PICTURE QUALITY Even before calibrating the set (see "in the lab," below), I was impressed by the relative accuracy of the Professional and Cinematic picture presets. I chose Professional, which defeated the Contrast Expand feature to provide full shadow detail and got the TV reasonably close to peak home theater performance.
Being too picky for "reasonably close," however, I made a few more tweaks before killing the lights and settling in to watch the Kill Bill, Vol. 2 DVD. The text of the credits looked characteristically (for a DLP TV) razor-sharp and stable. I also quickly noticed another DLP calling card - the rainbow effect. The pastor's white shirt in the wedding rehearsal, for example, trailed very brief bursts of red, green and blue as I looked away and then back again. Most viewers won't notice rainbows, though.
In the black-and-white opening scene, I was very impressed by how the shadowy areas and gray backgrounds graduated smoothly to a deep, satisfying black. Bill's boots, for example, looked inky and glossy, and his dark suit showed no trace of false contours - blocky patches of video noise that show up in shadowy scenes on some digital sets. Details were sharp and lifelike. I especially enjoyed the closeup face-off between Bill (David Carradine) and The Bride (Uma Thurman) on the porch of the chapel. His craggy skin stood out in stark relief.
Color returned in the following scene of painted hills, whose varying blues, browns, and reds looked great. My testing had revealed the set's tendency to slightly de-accentuate red and green, so I turned the color control up to compensate. The Bride's face ran a realistic gamut from pale to ruddy with rage and fear throughout the movie - but blues were a little too intense, as in the strip club's lighting.
Next I turned to high-def from the Dish satellite receiver. CBS's broadcast of the U.S. Open tennis tournament looked, as I expected, incredible. I got a great sense of the speed given the ball by Roger Federer's forehand as he rolled over a hapless Tim Henman, and I could make out every face in the crowd. The onscreen graphics looked rock-solid in both 720p and 1080i modes, and the green swath of court was noise-free.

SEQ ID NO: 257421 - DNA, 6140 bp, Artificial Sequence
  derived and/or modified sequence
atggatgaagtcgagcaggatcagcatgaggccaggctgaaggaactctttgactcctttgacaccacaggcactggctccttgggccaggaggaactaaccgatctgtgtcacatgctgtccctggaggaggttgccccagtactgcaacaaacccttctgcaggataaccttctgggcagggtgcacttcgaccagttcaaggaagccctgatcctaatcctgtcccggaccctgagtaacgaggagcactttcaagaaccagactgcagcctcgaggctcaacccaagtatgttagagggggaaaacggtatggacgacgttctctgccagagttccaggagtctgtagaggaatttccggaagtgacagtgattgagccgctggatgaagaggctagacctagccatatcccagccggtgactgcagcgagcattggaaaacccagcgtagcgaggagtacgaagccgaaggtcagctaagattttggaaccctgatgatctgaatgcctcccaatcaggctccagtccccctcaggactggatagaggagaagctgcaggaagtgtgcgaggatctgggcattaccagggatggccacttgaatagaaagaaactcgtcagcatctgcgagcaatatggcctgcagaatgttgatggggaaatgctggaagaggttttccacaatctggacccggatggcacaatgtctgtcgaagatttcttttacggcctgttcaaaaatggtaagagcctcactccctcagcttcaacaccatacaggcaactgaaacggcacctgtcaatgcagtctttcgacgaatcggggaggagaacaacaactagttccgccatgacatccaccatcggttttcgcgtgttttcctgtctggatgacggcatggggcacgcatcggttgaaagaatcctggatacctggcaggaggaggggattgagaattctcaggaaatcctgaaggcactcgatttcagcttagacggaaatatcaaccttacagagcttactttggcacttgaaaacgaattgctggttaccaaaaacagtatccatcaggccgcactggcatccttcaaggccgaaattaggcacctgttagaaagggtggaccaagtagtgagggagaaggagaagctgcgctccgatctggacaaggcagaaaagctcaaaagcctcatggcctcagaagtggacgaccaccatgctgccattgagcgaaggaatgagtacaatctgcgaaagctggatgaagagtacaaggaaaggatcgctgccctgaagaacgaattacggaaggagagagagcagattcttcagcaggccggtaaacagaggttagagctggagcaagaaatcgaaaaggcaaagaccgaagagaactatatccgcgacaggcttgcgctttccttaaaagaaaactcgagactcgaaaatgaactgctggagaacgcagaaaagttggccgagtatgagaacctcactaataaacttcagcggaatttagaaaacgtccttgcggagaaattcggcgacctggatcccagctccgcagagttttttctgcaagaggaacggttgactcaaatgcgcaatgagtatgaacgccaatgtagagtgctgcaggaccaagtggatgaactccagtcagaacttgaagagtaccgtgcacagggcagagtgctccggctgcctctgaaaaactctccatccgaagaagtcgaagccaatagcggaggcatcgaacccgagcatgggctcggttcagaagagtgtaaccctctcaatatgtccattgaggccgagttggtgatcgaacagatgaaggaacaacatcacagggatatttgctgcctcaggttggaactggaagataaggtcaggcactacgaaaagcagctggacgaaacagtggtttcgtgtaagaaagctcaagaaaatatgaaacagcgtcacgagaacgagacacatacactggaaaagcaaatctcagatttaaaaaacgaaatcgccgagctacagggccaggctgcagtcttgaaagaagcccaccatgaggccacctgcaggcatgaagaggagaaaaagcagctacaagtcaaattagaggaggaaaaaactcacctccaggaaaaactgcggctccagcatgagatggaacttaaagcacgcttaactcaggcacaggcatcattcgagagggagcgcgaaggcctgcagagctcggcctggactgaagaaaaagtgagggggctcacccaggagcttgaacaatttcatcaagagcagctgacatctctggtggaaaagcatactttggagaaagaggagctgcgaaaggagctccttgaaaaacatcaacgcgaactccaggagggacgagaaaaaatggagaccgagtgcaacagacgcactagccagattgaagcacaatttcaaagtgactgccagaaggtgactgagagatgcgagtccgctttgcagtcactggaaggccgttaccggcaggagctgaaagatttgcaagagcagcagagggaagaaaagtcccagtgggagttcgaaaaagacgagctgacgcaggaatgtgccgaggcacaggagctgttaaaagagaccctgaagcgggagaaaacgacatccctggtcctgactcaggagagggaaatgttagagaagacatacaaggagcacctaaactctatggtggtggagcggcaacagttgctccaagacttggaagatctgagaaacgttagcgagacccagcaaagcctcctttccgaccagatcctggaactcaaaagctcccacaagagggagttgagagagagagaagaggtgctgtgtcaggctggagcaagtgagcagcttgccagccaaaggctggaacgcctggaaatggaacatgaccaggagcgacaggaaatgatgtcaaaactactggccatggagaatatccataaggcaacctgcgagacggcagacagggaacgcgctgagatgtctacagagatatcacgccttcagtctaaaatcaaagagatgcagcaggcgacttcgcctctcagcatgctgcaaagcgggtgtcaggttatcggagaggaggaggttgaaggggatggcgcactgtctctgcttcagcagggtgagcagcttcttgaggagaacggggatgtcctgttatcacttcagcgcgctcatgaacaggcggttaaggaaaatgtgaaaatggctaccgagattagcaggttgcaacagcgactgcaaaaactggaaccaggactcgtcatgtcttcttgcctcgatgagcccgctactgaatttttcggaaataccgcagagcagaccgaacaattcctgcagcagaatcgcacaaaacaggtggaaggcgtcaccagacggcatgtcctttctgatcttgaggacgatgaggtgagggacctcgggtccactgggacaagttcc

The RCA was capable of showing every dot of detail in 720p high-def programs, a feat that, surprisingly, some "native 720p" sets cannot match. With test patterns, the picture was noisier via component video than HDMI - digital test signals were reproduced impeccably. Although I couldn't detect any of that noise in the high-def programs I watched, I'd still recommend feeding the HD61THW263 via its digital connections whenever possible.
BOTTOM LINE When I first heard about this TV's radical design, I expected image quality to suffer as a result of the optical tricks required to shrink cabinet depth to a little more than half a foot. To my surprise, the loss of all that depth didn't appear to affect the picture at all - the TV behaved as a high-end DLP set should. And "high-end" is the operative term. At ten grand many shoppers will be comparing this RCA HDTV to a 61-inch plasma, not a DLP set. But its exceedingly clean picture, with really dark blacks, is better than that of any like-sized plasma TV I've seen.
In the Lab
Color temperature (Professional preset before/Personal after calibration)
Low window (20-IRE) .............. 6,664/6,605 K
High window (80-IRE) ............. 6,146/6,323 K
Brightness (100-IRE window before/after calibration) 37.1/40.2 ftL
The Low color-temperature preset yielded a good grayscale out of the box, but the RCA slightly emphasized blue at the low end of the scale and red as brightness increased. After calibration, the brighter areas were closer to the NTSC standard of 6,500 K, although the trend of bluer shadows and redder highlights remained. Peak brightness was excellent before and after calibration.
The set produced the full range of black to white through both its component-video and HDMI inputs at all resolutions. The Contrast Expand feature seemed to sink black level, so I left it off. The set maintained a fairly consistent level of black, although not as consistently as some DLP TVs I've seen. Color decoding was below average - according to the Avia test DVD, greens and reds were de-accentuated by about 20%. Geometry was not perfect - the extreme upper right and left corners bent outward slightly, and there was very minor bowing across the screen. Off-angle viewing was very good to the sides and average from the top and bottom. Brightness was slightly less uniform than I'd expect in a DLP TV.
Copyright © 2013 Bonnier Corp. All rights reserved. Reproduction in whole or in part without permission is prohibited.